Title: Behind the Masks: The Diary of Angeline Reddy, Bodie, California, 1880. "Dear America" series.
Author: Susan Patron, narrated by Cassandra Campbell.
Publisher: Scholastic, 2012 (hardcover and audio).
Source: Library (on-line resources)
The story opens with news that Patrick Reddy, Angeline's father, has been killed, but neither the girl nor her mother believe this for a moment. Angeline concludes that, with her mother ill, it is her job to figure out what her father is up to. The plot thickens with a vigilante group, a group of anonymous actors, a Chinese girl, and a new friend who has problems of her own, until everything comes out in the end.
I'm not sure if my review on this is going to be fair or not. I'll be up-front: though I enjoyed much of the story, as far as I'm concerned the author ruined it with a ghost story that is taken completely at face-value. Since these books are supposed to be completely realistic fiction (Dear America is a series of fictional "diaries" of girls, usually just entering their teens), I found it jarring and off-putting. Let's just get that out of the way up front. I get that a girl of her age and time and place would believe she sees a ghost. But the story leaves no option except to believe that the ghost is real, and has been seen and believed in by at least two other people. That I can't buy. It kept jarring me out of what could have been a fine adventure story.
The history part is fine, though at times a bit heavy-handed with sharing the author's research (do we really need to know how to make a cream to keep hair from turning gray? The incident adds nothing to the story). I was excited to read about Bodie, which I have visited (it is a 'ghost town' east of the Sierra on the border between California and Nevada, managed now by the National Park Service), and I enjoy that period of history and reading about the area, but I can't say the story was super well-written.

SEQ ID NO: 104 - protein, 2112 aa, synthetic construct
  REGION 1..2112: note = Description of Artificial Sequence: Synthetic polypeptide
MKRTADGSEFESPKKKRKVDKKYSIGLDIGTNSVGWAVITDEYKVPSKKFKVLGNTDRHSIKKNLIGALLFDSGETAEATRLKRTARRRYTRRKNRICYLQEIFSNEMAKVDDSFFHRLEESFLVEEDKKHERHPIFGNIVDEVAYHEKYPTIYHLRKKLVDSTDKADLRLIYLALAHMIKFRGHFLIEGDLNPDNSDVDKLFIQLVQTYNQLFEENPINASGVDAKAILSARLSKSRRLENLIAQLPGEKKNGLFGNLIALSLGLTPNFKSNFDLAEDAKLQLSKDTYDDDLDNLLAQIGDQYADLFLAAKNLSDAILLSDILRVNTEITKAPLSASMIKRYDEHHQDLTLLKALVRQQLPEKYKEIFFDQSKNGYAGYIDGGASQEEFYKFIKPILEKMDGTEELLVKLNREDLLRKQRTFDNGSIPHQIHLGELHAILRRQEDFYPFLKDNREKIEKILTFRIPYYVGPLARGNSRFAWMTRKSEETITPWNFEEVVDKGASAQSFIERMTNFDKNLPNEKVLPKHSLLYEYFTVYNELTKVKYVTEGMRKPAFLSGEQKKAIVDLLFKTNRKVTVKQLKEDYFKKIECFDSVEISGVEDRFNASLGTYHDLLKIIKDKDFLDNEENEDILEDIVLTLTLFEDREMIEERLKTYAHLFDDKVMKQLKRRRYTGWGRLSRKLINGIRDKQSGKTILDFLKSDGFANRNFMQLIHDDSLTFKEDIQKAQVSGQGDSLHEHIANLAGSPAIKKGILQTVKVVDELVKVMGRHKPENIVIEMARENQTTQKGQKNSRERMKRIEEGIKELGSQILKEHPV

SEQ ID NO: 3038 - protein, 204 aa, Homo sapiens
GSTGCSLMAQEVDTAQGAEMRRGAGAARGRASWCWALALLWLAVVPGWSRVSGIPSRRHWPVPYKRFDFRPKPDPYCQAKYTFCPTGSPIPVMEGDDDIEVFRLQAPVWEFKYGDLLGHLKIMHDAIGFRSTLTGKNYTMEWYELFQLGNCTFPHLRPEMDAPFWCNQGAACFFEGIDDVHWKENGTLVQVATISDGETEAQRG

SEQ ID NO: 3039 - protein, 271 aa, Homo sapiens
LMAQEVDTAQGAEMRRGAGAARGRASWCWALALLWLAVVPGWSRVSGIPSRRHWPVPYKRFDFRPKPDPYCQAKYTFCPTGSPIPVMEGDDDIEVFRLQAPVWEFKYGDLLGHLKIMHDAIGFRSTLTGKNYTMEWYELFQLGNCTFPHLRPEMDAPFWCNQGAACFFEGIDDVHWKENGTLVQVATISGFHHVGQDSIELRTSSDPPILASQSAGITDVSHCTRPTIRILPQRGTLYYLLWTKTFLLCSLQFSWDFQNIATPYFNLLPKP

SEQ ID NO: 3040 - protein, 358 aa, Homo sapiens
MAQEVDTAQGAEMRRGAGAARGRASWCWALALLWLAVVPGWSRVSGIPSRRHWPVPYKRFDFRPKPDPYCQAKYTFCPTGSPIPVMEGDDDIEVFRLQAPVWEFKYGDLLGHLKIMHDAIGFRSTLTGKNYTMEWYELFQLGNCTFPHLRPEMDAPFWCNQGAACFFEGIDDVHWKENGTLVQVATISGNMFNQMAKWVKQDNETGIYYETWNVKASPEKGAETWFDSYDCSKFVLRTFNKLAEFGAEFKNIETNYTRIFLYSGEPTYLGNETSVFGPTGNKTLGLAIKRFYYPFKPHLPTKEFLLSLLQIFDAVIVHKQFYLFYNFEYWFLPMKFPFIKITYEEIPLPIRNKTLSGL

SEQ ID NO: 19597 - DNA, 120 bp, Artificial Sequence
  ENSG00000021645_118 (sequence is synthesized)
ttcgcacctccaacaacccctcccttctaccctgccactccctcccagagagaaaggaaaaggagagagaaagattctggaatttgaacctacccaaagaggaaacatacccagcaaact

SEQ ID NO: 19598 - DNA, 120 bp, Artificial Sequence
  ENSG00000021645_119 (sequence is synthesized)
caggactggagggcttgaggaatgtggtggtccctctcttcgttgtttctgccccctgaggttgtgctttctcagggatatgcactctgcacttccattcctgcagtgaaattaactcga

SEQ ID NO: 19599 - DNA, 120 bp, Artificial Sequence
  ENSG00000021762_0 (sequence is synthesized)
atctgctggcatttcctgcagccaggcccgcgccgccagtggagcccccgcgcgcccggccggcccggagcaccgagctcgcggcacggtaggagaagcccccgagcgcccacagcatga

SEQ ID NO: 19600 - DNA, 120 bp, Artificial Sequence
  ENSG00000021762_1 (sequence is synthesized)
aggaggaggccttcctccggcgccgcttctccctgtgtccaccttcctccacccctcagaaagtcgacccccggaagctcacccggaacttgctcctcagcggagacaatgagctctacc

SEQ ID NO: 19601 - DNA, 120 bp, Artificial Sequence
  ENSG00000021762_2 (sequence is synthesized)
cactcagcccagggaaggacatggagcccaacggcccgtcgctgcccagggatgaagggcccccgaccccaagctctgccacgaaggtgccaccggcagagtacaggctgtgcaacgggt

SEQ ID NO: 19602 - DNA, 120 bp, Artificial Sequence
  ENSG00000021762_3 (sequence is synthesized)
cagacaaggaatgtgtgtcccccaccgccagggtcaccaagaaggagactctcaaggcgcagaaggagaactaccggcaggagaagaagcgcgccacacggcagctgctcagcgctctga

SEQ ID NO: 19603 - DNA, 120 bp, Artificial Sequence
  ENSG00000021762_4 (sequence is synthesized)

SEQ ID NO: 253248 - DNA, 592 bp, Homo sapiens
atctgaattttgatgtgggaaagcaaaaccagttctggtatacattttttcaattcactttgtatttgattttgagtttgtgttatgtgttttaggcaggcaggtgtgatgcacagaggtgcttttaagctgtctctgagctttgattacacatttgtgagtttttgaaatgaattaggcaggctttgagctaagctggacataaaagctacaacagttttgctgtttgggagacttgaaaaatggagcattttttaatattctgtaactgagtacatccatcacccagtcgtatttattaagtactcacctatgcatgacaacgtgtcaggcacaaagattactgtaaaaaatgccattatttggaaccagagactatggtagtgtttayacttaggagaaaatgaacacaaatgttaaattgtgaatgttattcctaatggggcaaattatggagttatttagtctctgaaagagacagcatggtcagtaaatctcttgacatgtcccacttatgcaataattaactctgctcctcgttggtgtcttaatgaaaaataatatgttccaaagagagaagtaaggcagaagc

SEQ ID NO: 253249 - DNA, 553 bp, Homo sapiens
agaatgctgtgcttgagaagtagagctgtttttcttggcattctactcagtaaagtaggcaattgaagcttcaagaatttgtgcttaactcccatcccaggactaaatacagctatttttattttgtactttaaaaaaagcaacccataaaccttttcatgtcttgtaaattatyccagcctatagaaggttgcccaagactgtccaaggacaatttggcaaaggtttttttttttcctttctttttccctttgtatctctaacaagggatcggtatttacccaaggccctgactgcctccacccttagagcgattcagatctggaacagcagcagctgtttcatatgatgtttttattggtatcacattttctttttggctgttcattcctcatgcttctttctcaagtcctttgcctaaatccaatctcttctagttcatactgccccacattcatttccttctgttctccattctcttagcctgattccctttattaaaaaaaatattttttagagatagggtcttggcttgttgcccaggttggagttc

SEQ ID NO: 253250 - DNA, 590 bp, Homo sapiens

The plot doesn't seem to quite hang together. Angeline has to go to school each day, except that after the first day (when she shocks her teacher by showing up on the day after her father has supposedly been killed, and is cruelly punished for refusing to acknowledge he is dead), school sort of fades out of the picture. She is worried about going back and being punished again, but we never hear more about it. Further, the teacher who is so irrational and brutal in that instance is shown later to be actually a good and caring person, without ever dealing with her cruelty (after all, a bit of compassion for a child who is clearly in denial about her situation would make more sense even for a very strict, old-school teacher, than beating her for it--the punishment only rings true if Miss Williams is really a sadist).
These inconsistencies, compounded with the ghost story issue and too much focus on Angeline's crush on Antione Duval, left me feeling again and again while listening that the story just wasn't working well. I have generally been impressed with the quality of the Dear America books. This one doesn't seem to me to live up to the standard, though I was interested enough to listen through to the end.
Not recommended unless you really like ghost stories and are desperate to read about Bodie (which is undeniably a really cool place).
Full Disclosure: I borrowed Behind the Masks from my (digital) library, and received nothing from the writer or publisher in exchange for my honest review. The opinions expressed are my own and those of no one else. I am disclosing this in accordance with the Federal Trade Commission's 16 CFR, Part 255: "Guides Concerning the Use of Endorsements and Testimonials in Advertising."